7 Water Safety Tips For Parents
July 17, 2018 by
According to The Lifesaving Society drowning is the second leading cause of unintentional death for children under five years old. The best way to avoid drowning is to practice better water safety.
- Maintain Active Supervision.
When infants or toddlers are in or around water never leave a child unattended. If you will be absent even for a moment designate a replacement “lifeguard.” Always supervise children and avoid distractions of any kind. This means putting your phone down and no multi-tasking.
“If you’re not with arm’s reach, you’ve gone too far,” the Lifesaving Society emphasizes.
Bathtub drownings also occur every year among young children. Don’t leave young kids in the tub unsupervised.
- Enrol Kids in Swimming Lessons/ Camp.
Basic swimming ability is vital for your kids. Take that a step further and make sure everyone in the family can swim well too. You can start introducing your babies to water when they are about six months old. Enrol in parent and tot aquatic programs.
- Educate your Kids about Water Safety.
Teach kids to swim only in areas designated for swimming. Whether in the backyard or in a lake they need to be aware swimming in open water is not the same as swimming in a pool.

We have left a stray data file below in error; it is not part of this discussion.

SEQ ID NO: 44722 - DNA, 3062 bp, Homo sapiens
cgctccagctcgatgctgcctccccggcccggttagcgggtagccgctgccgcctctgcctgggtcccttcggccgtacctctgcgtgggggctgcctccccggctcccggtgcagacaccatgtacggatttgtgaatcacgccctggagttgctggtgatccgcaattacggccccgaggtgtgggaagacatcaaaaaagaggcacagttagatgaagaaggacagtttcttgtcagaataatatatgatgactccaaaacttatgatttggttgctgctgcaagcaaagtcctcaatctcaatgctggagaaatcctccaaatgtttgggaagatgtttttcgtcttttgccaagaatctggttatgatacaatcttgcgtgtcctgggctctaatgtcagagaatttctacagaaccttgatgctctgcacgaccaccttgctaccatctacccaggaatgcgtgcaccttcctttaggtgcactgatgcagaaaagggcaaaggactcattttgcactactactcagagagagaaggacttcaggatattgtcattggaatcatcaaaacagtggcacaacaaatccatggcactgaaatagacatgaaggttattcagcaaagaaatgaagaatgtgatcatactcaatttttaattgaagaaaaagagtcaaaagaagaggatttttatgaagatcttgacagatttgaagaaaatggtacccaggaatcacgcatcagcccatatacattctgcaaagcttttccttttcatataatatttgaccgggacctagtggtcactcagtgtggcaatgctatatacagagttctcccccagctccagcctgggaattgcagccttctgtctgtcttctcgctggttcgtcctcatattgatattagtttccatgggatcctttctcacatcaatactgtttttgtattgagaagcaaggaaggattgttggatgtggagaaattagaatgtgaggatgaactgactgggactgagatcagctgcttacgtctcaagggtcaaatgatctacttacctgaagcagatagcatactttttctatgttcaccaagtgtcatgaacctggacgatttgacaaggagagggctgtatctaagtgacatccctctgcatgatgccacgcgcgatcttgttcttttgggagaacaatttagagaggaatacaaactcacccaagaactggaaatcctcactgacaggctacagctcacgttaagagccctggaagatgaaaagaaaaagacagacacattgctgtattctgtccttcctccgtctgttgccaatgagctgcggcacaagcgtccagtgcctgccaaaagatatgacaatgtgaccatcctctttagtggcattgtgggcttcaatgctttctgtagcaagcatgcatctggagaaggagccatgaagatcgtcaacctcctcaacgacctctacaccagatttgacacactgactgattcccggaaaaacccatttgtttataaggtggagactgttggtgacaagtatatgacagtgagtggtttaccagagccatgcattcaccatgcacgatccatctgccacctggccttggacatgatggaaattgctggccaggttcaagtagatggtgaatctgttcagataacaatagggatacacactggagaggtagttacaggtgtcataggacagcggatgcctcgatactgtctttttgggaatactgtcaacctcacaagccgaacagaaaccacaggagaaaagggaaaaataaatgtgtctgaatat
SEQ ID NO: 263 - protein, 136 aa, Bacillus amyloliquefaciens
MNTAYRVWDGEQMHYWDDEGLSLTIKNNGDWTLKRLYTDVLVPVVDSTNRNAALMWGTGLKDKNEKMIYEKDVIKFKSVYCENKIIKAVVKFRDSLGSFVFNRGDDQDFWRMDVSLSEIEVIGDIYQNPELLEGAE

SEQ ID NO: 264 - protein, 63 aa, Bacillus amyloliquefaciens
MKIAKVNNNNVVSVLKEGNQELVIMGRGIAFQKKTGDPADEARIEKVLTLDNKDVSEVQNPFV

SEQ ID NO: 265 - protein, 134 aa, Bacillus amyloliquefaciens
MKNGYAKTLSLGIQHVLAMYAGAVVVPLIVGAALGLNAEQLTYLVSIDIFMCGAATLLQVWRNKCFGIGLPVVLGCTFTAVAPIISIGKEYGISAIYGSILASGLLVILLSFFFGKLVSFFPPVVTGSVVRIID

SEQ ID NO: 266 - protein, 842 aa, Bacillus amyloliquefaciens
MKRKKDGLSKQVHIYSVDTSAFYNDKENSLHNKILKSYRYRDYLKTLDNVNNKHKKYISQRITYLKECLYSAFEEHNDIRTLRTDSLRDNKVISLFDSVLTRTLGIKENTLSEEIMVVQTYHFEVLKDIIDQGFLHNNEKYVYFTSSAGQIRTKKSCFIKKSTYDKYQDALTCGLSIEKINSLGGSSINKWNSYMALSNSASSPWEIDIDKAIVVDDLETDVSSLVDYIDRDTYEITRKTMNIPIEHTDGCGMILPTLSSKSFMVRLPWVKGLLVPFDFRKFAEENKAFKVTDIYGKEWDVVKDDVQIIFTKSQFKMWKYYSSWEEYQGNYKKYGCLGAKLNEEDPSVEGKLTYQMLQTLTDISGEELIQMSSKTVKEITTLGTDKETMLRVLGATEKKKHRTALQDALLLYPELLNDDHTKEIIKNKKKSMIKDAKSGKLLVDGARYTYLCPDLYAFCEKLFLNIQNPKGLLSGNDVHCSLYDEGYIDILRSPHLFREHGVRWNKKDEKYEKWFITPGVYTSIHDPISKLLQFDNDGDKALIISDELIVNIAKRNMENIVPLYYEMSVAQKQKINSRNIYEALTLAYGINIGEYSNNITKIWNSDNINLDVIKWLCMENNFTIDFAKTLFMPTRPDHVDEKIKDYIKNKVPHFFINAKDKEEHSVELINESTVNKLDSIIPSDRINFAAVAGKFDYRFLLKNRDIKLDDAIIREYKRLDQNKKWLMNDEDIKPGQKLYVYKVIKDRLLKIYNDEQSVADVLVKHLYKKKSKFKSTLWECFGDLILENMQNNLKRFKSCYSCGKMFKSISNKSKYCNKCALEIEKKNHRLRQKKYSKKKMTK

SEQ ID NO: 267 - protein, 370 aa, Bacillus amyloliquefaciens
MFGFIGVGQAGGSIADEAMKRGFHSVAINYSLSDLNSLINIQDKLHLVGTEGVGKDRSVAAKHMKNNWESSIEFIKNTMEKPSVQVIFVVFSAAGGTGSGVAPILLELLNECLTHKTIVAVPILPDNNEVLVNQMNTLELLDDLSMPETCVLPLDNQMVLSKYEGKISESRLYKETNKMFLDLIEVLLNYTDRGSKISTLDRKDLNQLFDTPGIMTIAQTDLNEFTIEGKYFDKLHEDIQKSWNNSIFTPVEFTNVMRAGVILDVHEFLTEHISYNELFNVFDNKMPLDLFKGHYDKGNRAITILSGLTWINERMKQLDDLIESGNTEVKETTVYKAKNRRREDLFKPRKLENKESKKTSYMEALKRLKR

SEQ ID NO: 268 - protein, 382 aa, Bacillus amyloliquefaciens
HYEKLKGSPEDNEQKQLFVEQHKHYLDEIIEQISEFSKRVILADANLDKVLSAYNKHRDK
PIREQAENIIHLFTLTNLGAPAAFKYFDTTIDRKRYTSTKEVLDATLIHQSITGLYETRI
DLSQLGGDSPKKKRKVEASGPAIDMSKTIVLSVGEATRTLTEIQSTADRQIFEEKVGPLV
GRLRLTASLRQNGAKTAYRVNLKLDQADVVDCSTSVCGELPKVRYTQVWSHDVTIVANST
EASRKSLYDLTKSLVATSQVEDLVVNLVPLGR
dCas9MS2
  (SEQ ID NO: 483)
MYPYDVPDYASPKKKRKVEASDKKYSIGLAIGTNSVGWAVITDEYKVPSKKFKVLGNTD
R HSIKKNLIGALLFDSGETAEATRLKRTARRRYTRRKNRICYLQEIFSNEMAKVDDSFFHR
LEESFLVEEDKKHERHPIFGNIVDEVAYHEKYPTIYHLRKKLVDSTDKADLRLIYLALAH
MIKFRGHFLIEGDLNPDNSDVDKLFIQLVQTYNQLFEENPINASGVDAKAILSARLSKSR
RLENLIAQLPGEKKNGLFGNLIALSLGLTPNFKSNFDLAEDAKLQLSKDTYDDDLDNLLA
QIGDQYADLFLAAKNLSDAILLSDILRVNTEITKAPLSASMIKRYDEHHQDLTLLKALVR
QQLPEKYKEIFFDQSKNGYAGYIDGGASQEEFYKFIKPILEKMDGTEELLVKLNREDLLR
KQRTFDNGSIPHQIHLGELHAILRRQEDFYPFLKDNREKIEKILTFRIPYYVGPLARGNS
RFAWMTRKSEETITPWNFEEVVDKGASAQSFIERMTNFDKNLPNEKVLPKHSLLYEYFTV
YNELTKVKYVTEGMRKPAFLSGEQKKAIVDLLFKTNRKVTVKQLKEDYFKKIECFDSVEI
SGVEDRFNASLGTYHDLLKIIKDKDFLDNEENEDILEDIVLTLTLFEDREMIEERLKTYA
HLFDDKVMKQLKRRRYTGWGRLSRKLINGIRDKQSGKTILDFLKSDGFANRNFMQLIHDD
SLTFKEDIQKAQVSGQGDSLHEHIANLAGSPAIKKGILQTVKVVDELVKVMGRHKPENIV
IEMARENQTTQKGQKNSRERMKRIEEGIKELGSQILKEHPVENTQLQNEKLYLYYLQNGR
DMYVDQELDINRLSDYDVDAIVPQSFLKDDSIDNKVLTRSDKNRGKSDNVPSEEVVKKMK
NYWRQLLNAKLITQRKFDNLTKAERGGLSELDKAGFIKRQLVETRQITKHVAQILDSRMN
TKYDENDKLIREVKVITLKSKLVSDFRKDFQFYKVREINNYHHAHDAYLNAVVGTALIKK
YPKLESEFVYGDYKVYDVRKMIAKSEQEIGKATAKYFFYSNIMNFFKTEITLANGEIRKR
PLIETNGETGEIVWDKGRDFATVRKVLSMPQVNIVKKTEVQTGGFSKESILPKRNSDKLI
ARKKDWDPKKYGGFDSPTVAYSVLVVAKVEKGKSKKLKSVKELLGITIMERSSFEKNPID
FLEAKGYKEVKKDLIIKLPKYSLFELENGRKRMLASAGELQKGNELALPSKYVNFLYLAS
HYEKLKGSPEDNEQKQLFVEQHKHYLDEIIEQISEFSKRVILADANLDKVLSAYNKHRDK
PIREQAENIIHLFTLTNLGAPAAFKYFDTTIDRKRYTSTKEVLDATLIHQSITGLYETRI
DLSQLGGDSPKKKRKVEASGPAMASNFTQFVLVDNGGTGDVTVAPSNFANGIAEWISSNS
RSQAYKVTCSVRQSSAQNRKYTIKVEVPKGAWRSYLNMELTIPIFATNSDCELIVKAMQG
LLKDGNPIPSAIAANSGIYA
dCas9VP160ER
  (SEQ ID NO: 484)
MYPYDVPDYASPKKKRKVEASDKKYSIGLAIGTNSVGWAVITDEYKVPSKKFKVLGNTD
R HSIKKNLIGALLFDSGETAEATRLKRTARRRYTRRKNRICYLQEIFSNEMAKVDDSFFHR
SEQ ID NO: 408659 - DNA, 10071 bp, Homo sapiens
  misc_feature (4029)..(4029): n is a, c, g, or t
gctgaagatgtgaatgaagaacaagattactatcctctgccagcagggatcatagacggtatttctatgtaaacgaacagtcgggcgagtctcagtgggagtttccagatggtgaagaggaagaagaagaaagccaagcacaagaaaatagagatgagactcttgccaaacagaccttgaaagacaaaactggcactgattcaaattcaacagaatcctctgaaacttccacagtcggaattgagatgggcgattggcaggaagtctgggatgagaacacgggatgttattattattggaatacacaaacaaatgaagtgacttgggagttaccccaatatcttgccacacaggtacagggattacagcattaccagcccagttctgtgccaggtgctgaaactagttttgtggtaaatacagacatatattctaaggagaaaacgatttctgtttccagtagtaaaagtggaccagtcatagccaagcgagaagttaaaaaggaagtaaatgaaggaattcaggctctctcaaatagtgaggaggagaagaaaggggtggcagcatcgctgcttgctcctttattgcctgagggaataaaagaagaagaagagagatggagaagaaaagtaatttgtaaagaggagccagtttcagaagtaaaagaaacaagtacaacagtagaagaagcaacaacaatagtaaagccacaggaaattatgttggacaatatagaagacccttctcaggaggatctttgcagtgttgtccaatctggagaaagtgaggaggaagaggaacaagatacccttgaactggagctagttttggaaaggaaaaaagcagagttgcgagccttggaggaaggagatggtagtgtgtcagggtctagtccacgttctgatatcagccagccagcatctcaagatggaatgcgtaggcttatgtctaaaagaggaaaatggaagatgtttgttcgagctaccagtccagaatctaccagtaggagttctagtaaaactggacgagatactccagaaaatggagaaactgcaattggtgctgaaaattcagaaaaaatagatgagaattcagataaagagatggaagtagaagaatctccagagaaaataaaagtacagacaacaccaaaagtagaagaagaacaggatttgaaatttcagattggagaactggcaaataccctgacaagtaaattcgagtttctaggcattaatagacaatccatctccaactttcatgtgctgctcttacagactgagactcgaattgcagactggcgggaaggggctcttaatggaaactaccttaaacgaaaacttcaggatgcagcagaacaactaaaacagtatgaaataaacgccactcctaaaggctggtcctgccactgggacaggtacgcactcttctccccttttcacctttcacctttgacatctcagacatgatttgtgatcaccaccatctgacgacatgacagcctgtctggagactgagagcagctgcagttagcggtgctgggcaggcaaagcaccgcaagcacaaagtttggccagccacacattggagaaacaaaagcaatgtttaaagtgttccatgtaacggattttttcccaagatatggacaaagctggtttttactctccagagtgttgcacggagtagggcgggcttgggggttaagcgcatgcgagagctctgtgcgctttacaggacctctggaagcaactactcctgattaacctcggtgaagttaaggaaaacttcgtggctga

- Establish Family Swimming Rules and Enforce Them.
For example, encourage kids to ask for permission to go near water. This will get them into the habit of swimming only when an adult is present. Another example is to enforce the rule to always swim with a buddy to encourage your child to not go swimming without supervision.
- Don’t Rely on Swimming Aids
It’s good to have young children and inexperienced swimmers wear swimming aids such as water rings, float suits, armbands. However, these aids should not be used in place of lifejackets or be used to replace active supervision!
- Prevent Unsupervised Access to Water
Make sure they cannot get to water without you! Every municipality has different bylaws for pools and fencing make sure you secure private pools with appropriate barriers to restrict and control access to water. Keep pool toys that can attract young kids to a pool out of sight when not in use.
- Learn CPR
Drowning is fast and silent. Learning CPR will teach you how to prevent and respond to emergencies. If you own a pool have appropriate equipment such as reaching or throwing equipment, a cell phone to call 911, life jackets and a first aid kit close to the pool.
Source: Life Saving Society Ontario